One Saturday morning in 2010, I drove 8 miles from my house to a new boxing gym recommended to me by a personal trainer friend. Shortly after entering, I found the boxing half of the building empty. In the other half, less than 10 grown men were rolling around on the foam mat-covered floor. They paired up and were giggling. Such an unusual activity may give pause to some people in a new place. But, the men were approachable and friendly, so I asked where the boxing coach was. One of the men unassumingly but confidently told me there was no boxing that day, but I could try “joo jitt sue” if I wanted. I did not plan on dry humping another man that morning, however, I have always loved trying new things, so I obliged.
That day, I learned the basics: guard, passing guard, mount, passing mount and side control. The teacher displayed a patience that I can only aspire to. And so began my Brazillian Jiu Jitsu (“BJJ”) career.
Last summer, I moved to the sophomoric blue belt. Simultaneously, I had the realization of how little BJJ I know and the gaping difference in skill level between me and black, or even, brown belts. This, along with, at least a shade of ability are signs of progress. Albert Einstein once ingeniously said, “I know one-percent of one-percent.” That quote sums up my BJJ competence after being “on the mat” for over a year.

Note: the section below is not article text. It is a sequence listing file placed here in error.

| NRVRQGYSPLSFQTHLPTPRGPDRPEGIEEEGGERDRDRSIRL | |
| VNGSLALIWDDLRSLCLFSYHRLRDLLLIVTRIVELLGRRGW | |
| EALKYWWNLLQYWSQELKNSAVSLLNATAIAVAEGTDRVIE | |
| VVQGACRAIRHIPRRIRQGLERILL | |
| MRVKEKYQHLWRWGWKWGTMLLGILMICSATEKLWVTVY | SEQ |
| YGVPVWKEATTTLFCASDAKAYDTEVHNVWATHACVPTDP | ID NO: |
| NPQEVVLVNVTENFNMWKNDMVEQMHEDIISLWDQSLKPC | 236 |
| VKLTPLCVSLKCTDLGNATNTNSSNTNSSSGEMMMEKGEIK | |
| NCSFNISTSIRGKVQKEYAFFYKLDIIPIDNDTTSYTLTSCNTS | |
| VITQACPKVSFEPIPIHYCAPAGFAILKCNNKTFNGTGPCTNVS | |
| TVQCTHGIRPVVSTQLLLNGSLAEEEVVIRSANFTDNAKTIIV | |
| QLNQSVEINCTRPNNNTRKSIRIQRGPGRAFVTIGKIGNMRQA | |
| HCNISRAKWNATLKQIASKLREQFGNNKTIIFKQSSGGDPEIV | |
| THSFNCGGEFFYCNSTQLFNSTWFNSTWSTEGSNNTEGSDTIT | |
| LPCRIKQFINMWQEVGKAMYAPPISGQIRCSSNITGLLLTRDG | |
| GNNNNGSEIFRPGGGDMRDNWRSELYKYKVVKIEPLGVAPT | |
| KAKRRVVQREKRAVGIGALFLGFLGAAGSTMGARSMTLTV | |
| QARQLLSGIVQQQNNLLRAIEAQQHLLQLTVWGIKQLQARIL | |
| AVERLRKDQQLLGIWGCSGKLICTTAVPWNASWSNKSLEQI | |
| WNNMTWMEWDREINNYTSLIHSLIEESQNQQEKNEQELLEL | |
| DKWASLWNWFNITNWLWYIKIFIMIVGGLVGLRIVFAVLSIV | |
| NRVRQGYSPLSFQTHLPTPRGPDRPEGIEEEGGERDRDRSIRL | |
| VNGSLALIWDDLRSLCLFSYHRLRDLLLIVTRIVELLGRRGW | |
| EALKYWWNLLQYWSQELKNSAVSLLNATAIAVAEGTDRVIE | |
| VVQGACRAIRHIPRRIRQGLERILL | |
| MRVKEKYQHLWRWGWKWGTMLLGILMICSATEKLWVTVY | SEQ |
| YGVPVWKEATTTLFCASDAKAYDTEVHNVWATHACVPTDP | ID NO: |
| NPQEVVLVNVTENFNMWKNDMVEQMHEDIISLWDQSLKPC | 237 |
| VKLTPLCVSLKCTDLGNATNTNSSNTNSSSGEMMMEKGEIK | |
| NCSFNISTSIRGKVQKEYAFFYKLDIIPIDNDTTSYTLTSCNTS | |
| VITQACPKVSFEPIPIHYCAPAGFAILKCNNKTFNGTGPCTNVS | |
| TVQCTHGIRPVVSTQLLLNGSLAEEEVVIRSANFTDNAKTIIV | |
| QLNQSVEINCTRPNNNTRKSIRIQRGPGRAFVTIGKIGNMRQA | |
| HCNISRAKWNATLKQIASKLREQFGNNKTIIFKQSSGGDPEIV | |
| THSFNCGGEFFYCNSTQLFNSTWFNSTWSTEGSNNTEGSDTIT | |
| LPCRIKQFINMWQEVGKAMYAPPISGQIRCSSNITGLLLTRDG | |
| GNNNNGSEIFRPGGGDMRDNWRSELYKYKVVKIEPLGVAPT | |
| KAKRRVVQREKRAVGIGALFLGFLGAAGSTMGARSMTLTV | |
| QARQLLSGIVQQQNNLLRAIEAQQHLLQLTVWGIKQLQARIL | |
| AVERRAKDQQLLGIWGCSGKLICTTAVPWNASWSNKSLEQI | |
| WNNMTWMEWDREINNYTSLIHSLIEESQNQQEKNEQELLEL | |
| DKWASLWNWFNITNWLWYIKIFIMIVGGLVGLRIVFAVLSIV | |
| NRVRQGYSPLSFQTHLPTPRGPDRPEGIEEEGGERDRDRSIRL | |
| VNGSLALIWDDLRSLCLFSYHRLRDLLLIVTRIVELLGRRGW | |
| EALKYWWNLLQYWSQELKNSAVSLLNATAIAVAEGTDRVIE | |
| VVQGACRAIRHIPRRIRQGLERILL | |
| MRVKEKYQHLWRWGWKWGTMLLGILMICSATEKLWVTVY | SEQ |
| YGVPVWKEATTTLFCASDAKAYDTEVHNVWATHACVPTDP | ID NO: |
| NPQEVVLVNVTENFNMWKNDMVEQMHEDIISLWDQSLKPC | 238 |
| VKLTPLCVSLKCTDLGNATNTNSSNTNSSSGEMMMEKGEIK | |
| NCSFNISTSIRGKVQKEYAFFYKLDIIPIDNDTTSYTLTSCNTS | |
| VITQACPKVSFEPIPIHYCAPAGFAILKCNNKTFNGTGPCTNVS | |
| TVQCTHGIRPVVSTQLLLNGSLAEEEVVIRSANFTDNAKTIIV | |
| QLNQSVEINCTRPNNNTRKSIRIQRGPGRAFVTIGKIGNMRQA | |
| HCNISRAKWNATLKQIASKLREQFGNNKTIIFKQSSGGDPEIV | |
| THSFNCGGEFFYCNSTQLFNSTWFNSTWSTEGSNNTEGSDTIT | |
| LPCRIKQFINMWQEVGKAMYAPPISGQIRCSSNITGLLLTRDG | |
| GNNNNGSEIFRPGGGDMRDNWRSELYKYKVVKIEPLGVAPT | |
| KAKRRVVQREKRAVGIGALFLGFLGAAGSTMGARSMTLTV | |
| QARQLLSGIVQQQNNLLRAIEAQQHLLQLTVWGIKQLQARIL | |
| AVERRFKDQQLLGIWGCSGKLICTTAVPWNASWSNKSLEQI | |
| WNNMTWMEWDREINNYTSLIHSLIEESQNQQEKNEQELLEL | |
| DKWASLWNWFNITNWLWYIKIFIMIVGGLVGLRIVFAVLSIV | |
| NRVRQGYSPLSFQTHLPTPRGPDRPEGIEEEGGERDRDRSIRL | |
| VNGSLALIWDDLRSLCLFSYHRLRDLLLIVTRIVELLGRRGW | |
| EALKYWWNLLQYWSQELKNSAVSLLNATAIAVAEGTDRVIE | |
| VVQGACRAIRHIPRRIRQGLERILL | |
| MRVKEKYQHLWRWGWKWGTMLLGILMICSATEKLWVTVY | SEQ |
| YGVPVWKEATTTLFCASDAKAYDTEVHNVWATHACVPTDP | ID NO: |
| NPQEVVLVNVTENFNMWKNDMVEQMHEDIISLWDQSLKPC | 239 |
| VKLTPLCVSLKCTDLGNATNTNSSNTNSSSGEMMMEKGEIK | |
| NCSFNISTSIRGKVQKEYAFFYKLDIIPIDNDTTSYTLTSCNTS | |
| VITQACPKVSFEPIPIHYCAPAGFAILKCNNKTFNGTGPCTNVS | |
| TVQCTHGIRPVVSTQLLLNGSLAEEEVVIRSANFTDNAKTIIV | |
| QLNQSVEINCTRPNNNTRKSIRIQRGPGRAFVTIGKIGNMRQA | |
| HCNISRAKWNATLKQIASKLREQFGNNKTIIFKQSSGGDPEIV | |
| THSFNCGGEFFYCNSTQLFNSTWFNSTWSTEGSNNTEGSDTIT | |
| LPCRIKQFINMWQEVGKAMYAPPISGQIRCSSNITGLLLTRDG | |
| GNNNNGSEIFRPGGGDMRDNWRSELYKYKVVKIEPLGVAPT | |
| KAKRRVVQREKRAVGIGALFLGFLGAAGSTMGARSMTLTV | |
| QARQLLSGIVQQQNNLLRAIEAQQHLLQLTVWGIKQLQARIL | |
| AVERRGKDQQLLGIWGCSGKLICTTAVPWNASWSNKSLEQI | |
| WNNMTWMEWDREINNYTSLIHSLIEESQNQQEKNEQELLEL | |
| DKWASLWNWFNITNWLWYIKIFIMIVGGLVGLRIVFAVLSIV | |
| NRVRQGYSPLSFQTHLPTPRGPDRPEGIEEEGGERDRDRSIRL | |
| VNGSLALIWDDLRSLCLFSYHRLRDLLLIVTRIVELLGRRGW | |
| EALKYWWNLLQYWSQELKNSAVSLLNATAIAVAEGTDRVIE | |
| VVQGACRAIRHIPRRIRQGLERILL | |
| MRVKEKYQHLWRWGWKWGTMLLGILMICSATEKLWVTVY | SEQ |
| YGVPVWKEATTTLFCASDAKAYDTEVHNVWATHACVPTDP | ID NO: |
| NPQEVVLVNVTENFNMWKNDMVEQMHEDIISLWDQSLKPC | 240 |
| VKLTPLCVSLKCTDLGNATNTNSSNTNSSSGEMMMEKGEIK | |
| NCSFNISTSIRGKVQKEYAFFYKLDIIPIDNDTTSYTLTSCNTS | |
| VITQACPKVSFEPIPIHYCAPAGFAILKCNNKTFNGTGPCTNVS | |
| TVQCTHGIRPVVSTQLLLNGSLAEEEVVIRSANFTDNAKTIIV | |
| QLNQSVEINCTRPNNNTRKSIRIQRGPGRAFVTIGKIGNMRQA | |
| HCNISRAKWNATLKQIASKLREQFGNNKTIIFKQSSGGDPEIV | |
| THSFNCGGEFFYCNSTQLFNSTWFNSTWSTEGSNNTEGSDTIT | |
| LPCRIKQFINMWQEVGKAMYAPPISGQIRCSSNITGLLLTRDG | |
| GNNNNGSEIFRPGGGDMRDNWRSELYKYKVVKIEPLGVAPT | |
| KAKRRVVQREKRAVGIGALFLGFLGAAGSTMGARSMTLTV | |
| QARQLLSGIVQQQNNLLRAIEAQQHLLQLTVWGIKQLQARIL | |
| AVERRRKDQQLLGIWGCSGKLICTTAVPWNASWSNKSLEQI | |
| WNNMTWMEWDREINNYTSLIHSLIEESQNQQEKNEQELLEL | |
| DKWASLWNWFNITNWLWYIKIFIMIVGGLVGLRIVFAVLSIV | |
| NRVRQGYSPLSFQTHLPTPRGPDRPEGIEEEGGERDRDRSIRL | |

I still “roll” twice a week with my BBJJ friends. Instead of posting up at a local watering hole after work, I go to the gym and try to choke and not get choked. The others in the school and I have a bond similar to the one I have with my high school football teammates. We call each other “brother.” It can seem cultish at times to the outsider, but it’s comforting to the practitioner. BJJ’s competitive aspect has its ups and downs, but “rolling” is cathartic all of the time.
Previous to starting BJJ, I had several misconceptions about it. I grouped it with all other martial arts. To me, it was for violent guys looking to get rid of their inferiority complexes. I thought people who did it paid $100 per month to be upgraded to the next meaningless belt. I thought it was for people who wanted to learn self-defense and then take their new and improved machismo to the bar. I was wrong.
The emotional, mental, physical and personal benefits of practicing BJJ are too numerous to write. From a physical standpoint, BJJ is as strenuous of a cardiovascular workout as running sprints for double the amount of time. From an emotional and mental standpoint, BJJ practitioners are generally compassionate, disciplined, patient, approachable, stoic and assertive, but never aggressive or violent. Surprisingly, a peaceful and unassuming disposition is the most commonly held trait among BJJ practitioners.
This seems counter-intuitive and I am yet to grasp the biological reason for this, but I am far less likely to get into a physical altercation than before I started BJJ. If I ever meet you, and I seem “on-edge,” there is a solid chance I have not been on the mat in more than 3 days. What’s more, these benefits carry over into my work and personal life making my judgment better in everything I do. I am better at life when I do BJJ.